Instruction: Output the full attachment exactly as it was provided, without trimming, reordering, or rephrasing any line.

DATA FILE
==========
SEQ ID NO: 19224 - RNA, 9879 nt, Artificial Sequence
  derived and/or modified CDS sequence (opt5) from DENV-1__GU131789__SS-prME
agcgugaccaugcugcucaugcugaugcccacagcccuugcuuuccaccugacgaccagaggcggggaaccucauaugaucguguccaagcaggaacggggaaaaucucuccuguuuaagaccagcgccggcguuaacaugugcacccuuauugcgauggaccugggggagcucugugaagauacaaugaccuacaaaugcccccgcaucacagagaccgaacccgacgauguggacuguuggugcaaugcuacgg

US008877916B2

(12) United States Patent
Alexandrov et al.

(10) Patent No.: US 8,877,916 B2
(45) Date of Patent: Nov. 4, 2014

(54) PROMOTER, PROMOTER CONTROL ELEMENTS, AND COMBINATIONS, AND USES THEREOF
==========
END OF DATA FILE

SEQ ID NO: 19224 - RNA, 9879 nt, Artificial Sequence
  derived and/or modified CDS sequence (opt5) from DENV-1__GU131789__SS-prME
agcgugaccaugcugcucaugcugaugcccacagcccuugcuuuccaccugacgaccagaggcggggaaccucauaugaucguguccaagcaggaacggggaaaaucucuccuguuuaagaccagcgccggcguuaacaugugcacccuuauugcgauggaccugggggagcucugugaagauacaaugaccuacaaaugcccccgcaucacagagaccgaacccgacgauguggacuguuggugcaaugcuacgg

US008877916B2

(12) United States Patent
Alexandrov et al.

(10) Patent No.: US 8,877,916 B2
(45) Date of Patent: Nov. 4, 2014

(54) PROMOTER, PROMOTER CONTROL ELEMENTS, AND COMBINATIONS, AND USES THEREOF